The Oldest Soda Brand In The World

Soda is enjoyed worldwide, but nobody goes for it quite like North America. Mexico and the United States rank as the world's first and second largest consumers of soda, respectively, each putting down around 5,000 ounces of soft drinks per capita each year, more than twice as much as third place Brazil (via Statista). Even with Canada failing to make the top 10 (come on, guys, catch up), you'd imagine that soft drinks were born on this soda-crazed continent, but you'd actually be wrong. The origin of seltzer lies an ocean away.

People first fell for fizz at European mineral baths, some of which had naturally sparkling water. One particularly popular example could be found in the German town of Selters, from which "seltzer" gets its name, per Atlas Obscura. These springs were so popular that, in the 1700s, people began experimenting with ways to manually carbonate water and increase its availability. There were some early successes by a pair of Englishmen, Joseph Priestley — who forced carbon dioxide-rich air into water by squeezing a pig's bladder, reportedly leaving a faint taste of urine in the drink (via The Atlantic) — and John Nooth, who developed a machine that resembled a primitive SodaStream (via ScienceDirect). Still, nobody had managed to make sparkling water affordable and easy to distribute. The world needed a hero, and as it so happened, he was waiting right where the seltzer craze began.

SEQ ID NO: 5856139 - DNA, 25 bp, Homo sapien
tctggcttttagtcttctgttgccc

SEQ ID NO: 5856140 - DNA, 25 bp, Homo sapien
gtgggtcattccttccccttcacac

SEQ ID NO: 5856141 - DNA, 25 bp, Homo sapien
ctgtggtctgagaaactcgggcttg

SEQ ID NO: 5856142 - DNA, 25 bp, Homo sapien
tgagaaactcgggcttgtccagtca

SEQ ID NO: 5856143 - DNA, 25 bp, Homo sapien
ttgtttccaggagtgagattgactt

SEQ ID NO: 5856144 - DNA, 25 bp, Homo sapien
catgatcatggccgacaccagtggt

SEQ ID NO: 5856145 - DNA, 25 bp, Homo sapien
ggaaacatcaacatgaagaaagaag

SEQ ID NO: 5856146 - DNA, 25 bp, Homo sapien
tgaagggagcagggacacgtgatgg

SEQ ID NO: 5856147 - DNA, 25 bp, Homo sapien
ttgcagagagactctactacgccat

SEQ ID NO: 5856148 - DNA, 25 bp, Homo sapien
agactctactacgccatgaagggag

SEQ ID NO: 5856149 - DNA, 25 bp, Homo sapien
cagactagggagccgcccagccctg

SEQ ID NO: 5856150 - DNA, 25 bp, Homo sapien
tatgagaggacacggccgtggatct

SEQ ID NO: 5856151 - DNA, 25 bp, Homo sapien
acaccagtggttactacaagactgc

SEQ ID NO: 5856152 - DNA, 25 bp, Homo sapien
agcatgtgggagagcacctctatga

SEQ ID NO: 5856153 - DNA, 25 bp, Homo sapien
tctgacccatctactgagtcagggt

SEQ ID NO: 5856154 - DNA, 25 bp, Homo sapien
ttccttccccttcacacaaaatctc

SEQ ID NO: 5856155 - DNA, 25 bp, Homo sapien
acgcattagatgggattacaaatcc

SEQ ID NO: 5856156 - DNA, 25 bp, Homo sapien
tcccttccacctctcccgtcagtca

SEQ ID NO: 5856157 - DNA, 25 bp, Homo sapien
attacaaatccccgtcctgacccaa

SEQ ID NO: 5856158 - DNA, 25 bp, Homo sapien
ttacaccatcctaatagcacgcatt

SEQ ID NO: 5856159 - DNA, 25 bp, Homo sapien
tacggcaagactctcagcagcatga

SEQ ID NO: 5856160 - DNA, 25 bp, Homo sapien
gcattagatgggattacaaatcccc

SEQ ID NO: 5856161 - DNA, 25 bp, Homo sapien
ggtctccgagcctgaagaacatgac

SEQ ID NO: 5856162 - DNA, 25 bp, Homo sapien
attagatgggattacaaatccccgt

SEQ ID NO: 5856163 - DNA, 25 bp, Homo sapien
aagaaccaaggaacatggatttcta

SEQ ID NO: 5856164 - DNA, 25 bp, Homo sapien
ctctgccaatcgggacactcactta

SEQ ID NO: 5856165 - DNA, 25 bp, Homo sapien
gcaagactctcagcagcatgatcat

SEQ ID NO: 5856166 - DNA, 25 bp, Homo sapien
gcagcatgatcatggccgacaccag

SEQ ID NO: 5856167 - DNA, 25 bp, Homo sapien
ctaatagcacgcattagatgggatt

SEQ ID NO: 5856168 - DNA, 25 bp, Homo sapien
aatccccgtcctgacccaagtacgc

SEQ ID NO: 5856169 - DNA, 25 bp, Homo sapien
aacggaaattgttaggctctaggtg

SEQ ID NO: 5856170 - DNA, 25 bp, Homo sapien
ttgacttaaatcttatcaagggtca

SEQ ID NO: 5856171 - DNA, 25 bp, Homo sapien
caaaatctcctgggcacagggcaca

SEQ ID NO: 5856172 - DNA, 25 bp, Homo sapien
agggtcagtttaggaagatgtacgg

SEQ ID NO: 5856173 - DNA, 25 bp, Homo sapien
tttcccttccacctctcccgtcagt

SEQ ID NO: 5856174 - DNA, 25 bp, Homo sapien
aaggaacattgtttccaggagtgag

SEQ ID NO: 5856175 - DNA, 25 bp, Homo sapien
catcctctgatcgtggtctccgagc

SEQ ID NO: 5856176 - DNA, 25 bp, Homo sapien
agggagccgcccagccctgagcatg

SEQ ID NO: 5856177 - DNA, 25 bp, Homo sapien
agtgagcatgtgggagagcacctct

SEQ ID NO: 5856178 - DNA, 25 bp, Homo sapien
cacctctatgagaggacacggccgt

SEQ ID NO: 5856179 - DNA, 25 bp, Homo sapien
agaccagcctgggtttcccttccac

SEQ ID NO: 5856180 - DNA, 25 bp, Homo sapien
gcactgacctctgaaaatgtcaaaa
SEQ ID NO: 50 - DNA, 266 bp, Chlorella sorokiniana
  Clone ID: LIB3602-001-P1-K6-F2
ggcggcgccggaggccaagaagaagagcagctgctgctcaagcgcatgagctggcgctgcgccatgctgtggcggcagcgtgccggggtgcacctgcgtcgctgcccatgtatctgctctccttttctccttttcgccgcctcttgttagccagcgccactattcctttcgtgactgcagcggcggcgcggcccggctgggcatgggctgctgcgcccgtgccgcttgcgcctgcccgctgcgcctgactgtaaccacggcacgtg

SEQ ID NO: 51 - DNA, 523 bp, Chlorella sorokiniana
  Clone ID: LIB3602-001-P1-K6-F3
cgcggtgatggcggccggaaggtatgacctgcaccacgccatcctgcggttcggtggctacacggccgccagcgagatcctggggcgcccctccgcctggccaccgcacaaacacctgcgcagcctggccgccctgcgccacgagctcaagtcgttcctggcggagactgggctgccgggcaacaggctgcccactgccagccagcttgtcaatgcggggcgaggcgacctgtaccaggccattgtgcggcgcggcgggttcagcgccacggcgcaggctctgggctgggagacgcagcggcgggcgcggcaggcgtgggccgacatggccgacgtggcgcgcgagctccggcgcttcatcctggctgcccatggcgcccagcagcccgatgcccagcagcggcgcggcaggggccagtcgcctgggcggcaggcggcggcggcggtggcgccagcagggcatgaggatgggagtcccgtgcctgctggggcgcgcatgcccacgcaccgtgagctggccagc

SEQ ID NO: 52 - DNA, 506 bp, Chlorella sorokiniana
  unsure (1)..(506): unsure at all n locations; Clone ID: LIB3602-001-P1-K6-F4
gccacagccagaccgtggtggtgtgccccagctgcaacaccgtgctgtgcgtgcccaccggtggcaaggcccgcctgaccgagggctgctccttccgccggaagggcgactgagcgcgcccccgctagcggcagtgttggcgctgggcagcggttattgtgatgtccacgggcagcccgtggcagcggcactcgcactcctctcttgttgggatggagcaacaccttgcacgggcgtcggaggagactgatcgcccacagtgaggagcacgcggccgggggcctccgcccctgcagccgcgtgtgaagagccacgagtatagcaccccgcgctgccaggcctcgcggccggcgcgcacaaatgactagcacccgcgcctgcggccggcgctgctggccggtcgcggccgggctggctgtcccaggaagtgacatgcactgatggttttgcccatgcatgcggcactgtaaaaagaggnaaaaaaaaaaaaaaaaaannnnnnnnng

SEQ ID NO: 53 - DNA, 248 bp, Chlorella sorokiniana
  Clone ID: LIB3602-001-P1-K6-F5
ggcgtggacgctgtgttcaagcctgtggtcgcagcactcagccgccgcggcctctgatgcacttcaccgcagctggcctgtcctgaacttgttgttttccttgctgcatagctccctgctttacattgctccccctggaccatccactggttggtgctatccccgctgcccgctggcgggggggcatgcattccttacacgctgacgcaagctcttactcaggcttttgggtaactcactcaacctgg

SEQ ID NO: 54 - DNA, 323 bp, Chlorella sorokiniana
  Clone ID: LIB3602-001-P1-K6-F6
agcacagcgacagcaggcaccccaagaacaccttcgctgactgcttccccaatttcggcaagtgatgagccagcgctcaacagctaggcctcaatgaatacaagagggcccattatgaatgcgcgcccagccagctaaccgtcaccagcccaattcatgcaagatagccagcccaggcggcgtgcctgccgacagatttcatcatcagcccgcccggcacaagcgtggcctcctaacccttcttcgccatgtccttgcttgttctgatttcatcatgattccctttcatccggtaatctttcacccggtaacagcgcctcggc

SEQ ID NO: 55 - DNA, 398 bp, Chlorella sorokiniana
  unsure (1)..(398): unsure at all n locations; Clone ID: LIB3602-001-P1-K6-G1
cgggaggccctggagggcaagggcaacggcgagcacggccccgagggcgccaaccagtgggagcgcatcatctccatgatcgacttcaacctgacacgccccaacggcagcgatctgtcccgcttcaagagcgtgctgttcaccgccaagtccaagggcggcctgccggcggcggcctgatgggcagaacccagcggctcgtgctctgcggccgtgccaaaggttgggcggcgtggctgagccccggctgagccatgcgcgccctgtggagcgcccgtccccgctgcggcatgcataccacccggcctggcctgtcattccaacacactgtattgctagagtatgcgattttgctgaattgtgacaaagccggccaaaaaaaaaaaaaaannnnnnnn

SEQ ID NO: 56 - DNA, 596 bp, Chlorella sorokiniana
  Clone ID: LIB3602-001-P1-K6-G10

Schweppes started in 1783

Johann Jacob Schweppe was born in the town of Witzenhausen in the German state of Hesse, where Selters is located (via History of Beverage). A professional watchmaker with clear mechanical inclinations, he developed a method of bottling carbonated water, keeping it under pressure to preserve the fizz. In 1783, he founded his eponymous company, Schweppes, in Geneva. According to Coca-Cola, which owns the distributing rights to Schweppes in much of Europe and Asia, he later moved its headquarters to England. At 239 years of age and counting, Schweppes is not only the oldest soda brand in existence but the first bottled soft drink, period (via RFDTV).

Schweppes did not introduce a flavored beverage until 1835, nearly four decades after Johann Jacob Schweppe's retirement (via Schweppes). The first flavor was lemonade, followed in the 1870s by Schweppe's still-iconic ginger ale and tonic water. Some might argue that Schweppes did not really become a "soda" brand until it started selling these flavored (and sugared) options, but even if you go by that metric, it still ranks as the world's oldest soft drink. By comparison, Vernor's ginger ale, the oldest soda in the United States (per RFDTV), didn't come around until 1866, more than 30 years after people started sipping Schweppe's lemonade.